Size Matters: On the Lost Art of Brevity



Always books. Never boring.

A good story is a good story no matter what the length. However, there is a trend these days that implies the bigger the better. Unless you’re trying to win a Hugo Award where a minimum of 40,000 words is a requirement, length does not actually matter to a story (although events like NaNoWriMo with its 50,000-word arbitrary goal and the books regularly getting movie deals these days would have us believe otherwise).

Brevity is a lost art.

  • Harry Potter : 7 books/4,095 pages with a 585 page average; shortest at 309 pages and longest at 870
  • A Song of Fire and Ice: 5 books, 2 more on the way/2,562 pages; the 854 page average skewed thanks to the 1056 page A Dance With Dragons
  • The Millennium Trilogy: 3 books/1,905 pages with a 635 page average

    It’s not like books have never been atrociously long before – Les Miserables clocks in at 1042 pages. J.R.R. Tolkien is the king of multi-volume story with Lord of the Rings, which is 1728 pages if you include The Hobbit (more with the addition of appendices and supplementary books). Charles Dickens’ longest book is Bleak House if you go by page number (928), David Copperfield if you go by word count (358,000).

    The difference between these lengthy tomes and our modern ones is that when they were written (with the exception of Tolkien), these books were everything – they were the radio, television, and internet of their day – the perfect escape for the whole family to enjoy with the occasional “after the kids are in bed” reads like The Life and Opinions of Tristam Shandy, Gentleman – it’s own length a joke, as Shandy is unable to stay on subject without several tangents to his own story. Even so, the book is only 342 pages.

    Then, like today, length could mean money. Dickens certainly mastered the art of stringing the plot along for the sake of a serial, supposedly paid by the word. But length was also a product of simply having time on one’s hands; Fanny Burney’s Evelina might not have been 600 pages long if she was writing in between a day job and picking up the kids from school.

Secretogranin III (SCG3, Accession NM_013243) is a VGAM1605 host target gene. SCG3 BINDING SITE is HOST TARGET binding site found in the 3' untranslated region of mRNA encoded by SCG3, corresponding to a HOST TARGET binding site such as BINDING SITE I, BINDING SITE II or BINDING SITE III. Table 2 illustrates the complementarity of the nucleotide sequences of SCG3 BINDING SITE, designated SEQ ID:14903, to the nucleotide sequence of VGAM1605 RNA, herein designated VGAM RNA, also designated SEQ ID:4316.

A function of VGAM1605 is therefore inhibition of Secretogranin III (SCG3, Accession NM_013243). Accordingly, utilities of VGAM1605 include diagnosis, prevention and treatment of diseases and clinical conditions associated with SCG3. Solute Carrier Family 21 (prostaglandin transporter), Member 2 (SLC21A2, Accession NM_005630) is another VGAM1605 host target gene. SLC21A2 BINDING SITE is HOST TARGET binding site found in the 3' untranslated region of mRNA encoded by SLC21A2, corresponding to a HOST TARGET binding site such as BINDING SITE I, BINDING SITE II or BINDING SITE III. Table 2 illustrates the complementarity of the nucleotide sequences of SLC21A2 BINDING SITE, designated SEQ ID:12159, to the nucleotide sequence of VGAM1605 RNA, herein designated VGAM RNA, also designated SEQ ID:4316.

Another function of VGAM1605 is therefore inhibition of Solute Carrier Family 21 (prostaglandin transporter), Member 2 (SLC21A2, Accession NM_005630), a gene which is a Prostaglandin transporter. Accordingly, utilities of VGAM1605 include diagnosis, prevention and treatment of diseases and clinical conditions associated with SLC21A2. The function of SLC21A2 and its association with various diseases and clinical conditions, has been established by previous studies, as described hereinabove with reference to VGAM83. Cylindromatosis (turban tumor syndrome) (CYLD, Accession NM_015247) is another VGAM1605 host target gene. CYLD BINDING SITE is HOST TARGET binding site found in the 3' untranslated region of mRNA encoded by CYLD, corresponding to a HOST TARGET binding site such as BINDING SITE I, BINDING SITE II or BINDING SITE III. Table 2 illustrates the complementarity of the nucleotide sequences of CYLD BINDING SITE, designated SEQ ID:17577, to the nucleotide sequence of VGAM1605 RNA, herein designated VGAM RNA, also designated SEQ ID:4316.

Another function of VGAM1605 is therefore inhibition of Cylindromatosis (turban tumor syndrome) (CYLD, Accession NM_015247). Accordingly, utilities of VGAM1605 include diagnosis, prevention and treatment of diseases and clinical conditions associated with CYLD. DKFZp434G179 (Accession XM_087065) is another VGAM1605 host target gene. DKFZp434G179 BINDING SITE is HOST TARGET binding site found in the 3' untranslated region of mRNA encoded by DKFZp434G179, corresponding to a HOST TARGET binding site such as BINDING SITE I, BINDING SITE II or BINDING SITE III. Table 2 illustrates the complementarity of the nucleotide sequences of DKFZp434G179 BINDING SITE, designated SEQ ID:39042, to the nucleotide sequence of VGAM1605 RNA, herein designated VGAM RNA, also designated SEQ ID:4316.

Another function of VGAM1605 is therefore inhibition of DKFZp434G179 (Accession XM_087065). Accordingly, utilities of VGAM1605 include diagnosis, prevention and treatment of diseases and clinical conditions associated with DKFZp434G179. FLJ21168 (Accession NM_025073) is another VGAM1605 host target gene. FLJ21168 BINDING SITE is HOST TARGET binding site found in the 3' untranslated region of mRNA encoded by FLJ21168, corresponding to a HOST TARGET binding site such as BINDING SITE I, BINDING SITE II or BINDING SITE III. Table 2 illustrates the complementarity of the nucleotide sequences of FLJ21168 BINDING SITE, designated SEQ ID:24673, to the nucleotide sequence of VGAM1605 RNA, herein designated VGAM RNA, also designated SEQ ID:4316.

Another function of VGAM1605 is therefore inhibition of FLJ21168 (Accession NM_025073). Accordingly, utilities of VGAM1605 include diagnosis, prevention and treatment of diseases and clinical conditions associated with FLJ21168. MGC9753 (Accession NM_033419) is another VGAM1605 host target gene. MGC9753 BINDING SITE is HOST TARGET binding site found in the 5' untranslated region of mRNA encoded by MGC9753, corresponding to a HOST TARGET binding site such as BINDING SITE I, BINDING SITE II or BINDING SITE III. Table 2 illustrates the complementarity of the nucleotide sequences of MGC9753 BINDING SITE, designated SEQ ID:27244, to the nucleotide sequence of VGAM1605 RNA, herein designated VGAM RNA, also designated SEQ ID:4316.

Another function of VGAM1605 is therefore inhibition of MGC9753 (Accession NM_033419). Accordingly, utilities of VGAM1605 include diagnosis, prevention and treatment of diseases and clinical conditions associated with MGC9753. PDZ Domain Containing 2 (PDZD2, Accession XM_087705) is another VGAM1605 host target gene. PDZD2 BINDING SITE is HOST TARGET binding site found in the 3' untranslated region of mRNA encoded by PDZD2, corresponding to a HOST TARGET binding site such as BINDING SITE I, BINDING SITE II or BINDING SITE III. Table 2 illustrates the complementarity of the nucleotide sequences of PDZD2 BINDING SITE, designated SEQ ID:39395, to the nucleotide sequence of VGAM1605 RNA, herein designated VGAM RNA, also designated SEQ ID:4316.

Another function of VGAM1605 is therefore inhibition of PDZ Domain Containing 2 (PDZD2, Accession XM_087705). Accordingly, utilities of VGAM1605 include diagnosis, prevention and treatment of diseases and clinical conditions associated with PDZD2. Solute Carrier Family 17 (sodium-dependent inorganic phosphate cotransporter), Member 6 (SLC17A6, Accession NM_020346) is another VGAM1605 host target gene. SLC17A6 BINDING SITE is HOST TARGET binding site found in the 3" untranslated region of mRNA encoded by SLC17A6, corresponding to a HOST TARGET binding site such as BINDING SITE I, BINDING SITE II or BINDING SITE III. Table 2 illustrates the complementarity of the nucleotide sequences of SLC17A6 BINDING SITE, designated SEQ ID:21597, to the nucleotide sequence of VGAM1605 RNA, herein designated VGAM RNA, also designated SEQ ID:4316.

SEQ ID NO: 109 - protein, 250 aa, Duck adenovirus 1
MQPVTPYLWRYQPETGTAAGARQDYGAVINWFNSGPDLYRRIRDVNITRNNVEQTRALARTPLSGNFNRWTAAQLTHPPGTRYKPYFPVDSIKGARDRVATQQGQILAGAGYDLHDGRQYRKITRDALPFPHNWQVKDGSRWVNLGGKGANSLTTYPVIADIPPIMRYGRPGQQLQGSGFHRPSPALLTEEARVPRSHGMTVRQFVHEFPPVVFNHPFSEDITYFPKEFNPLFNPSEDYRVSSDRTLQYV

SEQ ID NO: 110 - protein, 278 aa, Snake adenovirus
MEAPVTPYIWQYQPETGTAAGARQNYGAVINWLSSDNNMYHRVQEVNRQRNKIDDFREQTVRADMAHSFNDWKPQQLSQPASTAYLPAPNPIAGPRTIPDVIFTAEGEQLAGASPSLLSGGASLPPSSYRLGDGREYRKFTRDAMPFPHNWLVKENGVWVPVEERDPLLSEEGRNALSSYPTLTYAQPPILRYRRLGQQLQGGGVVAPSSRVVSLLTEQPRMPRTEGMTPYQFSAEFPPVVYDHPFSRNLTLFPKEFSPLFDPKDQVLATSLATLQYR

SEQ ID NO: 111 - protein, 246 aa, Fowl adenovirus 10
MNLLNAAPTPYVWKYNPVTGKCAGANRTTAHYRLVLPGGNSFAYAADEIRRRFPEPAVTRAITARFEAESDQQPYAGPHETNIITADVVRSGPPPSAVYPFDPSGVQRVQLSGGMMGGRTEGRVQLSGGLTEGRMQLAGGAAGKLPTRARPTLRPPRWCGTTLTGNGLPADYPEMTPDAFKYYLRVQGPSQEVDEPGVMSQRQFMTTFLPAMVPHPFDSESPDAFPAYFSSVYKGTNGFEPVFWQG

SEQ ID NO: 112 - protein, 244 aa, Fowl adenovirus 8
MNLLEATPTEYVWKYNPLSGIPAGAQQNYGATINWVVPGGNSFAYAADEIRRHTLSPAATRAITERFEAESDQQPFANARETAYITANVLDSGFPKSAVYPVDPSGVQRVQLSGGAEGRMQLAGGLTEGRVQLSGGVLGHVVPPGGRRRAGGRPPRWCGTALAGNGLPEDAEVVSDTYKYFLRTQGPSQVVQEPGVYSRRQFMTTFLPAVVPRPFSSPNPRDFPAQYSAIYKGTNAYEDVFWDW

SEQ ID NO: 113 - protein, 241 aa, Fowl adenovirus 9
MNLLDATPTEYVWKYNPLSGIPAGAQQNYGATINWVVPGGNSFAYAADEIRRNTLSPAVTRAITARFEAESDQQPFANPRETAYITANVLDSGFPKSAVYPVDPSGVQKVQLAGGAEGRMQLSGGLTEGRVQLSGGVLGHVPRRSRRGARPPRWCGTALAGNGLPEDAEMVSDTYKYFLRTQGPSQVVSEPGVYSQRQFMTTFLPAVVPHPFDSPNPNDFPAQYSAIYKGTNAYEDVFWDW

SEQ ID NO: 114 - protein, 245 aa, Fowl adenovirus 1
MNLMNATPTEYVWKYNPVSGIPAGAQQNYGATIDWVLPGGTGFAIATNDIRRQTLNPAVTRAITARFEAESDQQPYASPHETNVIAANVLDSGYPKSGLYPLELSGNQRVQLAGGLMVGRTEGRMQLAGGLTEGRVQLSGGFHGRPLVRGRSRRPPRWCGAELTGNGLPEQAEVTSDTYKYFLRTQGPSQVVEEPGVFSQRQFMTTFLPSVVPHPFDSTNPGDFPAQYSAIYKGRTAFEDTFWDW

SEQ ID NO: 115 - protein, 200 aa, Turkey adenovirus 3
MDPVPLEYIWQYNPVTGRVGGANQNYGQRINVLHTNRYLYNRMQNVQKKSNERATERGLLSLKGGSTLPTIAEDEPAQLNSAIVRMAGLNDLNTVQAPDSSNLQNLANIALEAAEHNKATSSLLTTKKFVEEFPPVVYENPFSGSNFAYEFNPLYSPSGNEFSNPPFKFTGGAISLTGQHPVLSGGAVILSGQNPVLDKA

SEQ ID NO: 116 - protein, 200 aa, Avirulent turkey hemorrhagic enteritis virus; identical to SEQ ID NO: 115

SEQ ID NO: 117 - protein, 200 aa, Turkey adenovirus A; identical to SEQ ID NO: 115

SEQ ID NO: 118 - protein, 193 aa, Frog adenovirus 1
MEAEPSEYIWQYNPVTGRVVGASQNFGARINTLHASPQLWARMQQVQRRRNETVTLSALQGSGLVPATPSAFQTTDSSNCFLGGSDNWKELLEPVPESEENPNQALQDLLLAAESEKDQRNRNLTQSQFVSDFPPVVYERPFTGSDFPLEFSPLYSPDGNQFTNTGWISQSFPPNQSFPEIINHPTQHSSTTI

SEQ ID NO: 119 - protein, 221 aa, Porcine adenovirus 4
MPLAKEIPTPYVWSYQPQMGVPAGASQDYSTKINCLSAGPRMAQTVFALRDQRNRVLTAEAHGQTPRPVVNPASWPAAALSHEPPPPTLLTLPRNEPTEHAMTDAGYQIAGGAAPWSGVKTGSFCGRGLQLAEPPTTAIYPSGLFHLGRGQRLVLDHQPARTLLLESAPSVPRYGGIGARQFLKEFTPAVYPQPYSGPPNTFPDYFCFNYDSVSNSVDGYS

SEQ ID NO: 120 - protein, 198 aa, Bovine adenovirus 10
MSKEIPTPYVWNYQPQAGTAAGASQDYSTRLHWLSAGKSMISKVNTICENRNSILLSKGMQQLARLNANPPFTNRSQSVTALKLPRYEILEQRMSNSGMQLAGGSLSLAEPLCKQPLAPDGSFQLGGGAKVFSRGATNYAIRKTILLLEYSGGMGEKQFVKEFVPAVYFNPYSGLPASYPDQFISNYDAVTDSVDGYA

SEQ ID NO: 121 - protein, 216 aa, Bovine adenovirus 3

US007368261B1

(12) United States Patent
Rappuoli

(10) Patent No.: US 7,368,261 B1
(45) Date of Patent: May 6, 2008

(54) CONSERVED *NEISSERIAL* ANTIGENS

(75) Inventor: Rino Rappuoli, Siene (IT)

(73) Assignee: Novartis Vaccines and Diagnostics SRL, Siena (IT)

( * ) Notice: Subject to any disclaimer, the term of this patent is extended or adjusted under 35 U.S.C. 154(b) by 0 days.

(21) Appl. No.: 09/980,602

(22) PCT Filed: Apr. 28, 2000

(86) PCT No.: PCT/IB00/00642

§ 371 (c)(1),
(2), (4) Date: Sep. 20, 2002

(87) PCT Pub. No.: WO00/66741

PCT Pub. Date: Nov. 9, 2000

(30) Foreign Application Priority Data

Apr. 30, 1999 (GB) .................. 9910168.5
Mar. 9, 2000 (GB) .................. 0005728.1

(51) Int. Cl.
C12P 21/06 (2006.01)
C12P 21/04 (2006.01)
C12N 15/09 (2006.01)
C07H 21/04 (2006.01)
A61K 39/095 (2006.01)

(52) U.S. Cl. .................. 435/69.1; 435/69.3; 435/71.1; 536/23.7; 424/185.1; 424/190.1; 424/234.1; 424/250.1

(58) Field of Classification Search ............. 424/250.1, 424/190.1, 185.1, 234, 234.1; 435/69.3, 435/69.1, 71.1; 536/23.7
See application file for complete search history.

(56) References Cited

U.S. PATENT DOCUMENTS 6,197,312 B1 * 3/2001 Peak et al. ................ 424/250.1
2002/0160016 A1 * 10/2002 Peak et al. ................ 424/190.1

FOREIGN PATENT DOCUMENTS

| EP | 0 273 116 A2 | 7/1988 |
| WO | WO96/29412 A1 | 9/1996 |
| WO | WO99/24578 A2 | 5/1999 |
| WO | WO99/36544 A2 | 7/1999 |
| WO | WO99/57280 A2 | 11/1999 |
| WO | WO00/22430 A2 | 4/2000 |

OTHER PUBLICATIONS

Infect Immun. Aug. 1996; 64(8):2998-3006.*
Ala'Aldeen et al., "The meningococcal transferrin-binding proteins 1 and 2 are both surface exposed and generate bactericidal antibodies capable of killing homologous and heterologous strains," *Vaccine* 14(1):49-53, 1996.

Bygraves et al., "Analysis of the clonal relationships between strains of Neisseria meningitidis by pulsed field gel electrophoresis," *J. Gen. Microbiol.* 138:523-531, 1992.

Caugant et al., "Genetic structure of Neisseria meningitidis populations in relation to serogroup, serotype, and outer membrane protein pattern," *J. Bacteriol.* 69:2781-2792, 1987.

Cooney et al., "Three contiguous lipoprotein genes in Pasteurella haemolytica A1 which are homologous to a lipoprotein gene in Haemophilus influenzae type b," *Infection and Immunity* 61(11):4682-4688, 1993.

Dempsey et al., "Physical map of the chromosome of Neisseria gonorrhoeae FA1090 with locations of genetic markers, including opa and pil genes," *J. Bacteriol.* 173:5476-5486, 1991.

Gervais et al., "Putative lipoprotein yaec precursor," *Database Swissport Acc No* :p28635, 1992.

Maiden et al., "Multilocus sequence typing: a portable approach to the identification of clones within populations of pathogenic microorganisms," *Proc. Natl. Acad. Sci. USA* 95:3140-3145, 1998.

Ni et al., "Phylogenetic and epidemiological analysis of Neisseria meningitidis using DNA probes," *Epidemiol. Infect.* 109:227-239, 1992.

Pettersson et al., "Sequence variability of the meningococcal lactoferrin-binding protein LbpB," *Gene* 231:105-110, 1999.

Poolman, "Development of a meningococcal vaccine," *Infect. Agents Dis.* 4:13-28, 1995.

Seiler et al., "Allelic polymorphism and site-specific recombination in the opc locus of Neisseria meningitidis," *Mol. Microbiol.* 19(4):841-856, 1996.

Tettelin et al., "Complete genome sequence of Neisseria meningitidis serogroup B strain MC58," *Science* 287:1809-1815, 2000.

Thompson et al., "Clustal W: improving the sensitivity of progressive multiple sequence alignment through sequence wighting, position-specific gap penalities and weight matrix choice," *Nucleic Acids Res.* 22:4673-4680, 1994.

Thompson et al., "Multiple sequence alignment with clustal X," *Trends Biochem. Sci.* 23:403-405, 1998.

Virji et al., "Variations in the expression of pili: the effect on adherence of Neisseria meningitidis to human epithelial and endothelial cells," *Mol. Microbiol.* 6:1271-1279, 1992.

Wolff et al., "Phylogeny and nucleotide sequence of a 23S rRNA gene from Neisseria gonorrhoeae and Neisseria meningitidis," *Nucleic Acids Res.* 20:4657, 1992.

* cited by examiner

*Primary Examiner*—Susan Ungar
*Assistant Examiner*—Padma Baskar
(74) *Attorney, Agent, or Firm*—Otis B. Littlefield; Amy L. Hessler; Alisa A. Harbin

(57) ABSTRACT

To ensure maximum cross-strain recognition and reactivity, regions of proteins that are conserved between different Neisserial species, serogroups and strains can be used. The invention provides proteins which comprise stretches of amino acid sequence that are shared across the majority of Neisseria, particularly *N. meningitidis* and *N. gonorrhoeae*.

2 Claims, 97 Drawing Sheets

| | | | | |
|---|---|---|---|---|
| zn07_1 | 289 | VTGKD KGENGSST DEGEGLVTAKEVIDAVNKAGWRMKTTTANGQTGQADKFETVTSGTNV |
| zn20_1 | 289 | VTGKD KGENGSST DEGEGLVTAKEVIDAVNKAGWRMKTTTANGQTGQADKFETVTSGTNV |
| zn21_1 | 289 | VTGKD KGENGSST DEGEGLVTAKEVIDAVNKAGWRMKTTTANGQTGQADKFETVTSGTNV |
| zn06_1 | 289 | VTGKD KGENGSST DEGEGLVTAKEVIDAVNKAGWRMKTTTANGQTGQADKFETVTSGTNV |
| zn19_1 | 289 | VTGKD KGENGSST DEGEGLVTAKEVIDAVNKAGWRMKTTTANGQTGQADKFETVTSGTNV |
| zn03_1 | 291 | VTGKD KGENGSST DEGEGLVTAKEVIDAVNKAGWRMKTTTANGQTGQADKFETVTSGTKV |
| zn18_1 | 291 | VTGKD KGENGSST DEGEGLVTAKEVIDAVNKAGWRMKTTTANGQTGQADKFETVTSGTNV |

Ultimately, a book should only be as long as it takes to tell the story – no longer, no shorter. George Orwell managed Animal Farm just fine in 168 pages, while Steinbeck’s Of Mice and Men is only 108 pages. And while there is nothing wrong with a long novel if its length is what it takes to tell the story, just think of how much shorter Twilight (2,720 pages) could have been if an editor had told Meyer to stop with all the amber eyes/ice cold skin repetition. The story would still have had problems, but each book would have been about 50 pages shorter (yes, hyperbole). Even The Neverending Story manages to be 2,336 pages shorter than Twilight.

    There’s something wonderful about a novel where the weight is in the words, not page count. Shakespeare stated that “brevity is the soul of wit,” but it is also the soul of a book where each word means something.

    Recently, Joseph Gordon-Levitt’s released the second volume of Tiny Stories, described by the LA Times as having “haiku-like precision.” These pocket-sized books are preceded by the ultimate big meaning in tiny packaging story. Ernest Hemingway is said to have written the shortest story as part of a barroom challenge on a cocktail napkin:

    For sale. Baby shoes. Never worn.

    Hemingway nailed the brevity with this story – it says more precisely because it says less.